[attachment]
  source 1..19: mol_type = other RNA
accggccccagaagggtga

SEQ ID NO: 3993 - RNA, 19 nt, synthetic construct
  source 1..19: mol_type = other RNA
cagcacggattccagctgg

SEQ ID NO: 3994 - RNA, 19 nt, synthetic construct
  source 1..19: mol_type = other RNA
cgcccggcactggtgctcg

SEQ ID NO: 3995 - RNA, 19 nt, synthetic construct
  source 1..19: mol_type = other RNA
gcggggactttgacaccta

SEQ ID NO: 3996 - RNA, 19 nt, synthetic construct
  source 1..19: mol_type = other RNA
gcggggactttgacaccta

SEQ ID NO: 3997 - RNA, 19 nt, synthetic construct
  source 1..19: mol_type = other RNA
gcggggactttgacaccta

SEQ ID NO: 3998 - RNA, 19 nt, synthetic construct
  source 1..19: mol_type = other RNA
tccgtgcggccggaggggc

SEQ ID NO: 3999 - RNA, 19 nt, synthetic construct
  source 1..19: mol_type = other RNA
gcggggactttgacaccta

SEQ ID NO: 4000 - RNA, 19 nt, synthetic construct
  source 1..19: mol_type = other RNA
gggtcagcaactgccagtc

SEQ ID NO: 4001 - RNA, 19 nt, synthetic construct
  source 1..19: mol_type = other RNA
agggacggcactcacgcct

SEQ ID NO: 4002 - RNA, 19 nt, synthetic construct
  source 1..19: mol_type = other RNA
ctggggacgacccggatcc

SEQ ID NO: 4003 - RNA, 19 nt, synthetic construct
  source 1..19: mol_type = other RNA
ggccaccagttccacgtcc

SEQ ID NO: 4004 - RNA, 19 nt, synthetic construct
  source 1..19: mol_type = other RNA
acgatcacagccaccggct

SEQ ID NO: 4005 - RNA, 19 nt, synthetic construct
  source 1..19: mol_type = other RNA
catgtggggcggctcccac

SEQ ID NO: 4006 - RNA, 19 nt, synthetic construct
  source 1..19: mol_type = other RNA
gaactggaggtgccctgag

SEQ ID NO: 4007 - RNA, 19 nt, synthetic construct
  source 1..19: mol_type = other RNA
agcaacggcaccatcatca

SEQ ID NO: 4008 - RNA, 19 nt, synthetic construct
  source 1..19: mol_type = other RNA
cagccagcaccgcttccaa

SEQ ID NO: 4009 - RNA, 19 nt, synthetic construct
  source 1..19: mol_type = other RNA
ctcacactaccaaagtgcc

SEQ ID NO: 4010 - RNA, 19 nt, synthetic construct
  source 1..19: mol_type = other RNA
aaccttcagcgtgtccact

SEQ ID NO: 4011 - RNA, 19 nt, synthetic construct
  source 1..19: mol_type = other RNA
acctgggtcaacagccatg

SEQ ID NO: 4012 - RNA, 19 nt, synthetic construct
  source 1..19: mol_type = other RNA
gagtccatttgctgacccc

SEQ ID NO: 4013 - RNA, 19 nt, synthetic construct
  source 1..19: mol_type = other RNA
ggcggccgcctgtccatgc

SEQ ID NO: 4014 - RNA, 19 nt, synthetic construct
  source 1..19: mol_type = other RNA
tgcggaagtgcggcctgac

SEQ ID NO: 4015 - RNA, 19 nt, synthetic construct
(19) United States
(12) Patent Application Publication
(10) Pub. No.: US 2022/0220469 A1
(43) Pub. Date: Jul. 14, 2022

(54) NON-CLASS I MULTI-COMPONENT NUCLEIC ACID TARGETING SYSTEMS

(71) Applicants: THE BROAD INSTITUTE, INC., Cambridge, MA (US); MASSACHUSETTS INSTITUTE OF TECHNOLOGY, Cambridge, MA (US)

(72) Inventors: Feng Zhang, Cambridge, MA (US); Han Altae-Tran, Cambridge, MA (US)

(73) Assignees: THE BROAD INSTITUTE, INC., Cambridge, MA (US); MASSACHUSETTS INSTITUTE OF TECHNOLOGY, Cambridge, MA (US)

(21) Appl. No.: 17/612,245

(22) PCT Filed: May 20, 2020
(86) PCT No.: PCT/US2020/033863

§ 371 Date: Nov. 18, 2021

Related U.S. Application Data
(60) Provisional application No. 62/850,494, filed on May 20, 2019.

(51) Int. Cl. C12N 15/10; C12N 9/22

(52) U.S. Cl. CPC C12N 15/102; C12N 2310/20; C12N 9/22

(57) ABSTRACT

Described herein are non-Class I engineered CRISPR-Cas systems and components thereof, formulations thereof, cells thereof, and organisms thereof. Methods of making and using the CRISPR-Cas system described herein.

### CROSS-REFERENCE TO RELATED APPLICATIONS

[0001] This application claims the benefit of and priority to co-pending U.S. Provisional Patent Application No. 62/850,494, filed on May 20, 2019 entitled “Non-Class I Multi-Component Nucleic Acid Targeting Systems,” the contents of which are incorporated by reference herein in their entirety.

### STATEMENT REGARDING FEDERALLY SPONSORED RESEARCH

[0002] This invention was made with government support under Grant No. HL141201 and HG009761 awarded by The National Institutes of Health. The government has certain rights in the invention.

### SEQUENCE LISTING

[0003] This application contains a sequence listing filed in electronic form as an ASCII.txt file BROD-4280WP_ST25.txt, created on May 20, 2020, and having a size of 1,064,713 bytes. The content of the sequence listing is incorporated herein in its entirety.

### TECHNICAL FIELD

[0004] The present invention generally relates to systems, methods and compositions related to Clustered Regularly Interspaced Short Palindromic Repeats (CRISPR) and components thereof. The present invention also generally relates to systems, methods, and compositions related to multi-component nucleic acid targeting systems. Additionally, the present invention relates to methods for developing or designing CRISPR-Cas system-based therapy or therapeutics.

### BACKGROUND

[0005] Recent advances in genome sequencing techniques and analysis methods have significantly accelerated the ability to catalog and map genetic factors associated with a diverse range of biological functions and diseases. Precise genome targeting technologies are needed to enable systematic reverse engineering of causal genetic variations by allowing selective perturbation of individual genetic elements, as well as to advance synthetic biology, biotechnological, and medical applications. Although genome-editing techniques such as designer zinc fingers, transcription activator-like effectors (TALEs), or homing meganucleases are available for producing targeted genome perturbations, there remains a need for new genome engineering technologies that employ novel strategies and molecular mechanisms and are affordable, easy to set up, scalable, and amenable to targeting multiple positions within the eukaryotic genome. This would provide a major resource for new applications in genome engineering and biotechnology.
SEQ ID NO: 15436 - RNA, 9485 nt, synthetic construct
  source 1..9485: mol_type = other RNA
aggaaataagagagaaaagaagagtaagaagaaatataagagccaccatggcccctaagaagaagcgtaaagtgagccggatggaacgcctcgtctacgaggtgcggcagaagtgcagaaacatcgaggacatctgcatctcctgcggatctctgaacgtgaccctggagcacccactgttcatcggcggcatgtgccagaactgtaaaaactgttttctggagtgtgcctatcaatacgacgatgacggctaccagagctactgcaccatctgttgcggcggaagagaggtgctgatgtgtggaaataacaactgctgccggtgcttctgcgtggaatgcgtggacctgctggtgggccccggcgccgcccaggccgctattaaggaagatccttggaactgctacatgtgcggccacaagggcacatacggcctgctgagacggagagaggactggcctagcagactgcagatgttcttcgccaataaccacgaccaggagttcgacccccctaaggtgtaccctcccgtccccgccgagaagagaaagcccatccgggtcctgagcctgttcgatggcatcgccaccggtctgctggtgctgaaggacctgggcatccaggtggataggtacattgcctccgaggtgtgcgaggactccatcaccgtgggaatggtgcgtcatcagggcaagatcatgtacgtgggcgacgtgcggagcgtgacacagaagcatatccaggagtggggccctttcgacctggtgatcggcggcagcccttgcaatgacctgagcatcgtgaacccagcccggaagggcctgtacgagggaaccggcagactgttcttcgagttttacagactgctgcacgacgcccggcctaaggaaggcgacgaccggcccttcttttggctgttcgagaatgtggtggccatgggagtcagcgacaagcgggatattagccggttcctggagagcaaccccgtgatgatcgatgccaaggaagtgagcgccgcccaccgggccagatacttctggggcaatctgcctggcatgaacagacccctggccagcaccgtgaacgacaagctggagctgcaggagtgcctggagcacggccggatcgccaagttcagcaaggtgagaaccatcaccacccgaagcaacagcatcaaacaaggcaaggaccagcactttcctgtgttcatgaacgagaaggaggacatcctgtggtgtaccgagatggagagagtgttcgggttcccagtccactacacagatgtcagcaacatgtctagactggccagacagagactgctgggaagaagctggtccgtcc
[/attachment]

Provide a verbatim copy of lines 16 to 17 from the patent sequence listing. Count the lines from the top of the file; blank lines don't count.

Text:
  source 1..19: mol_type = other RNA
gcggggactttgacaccta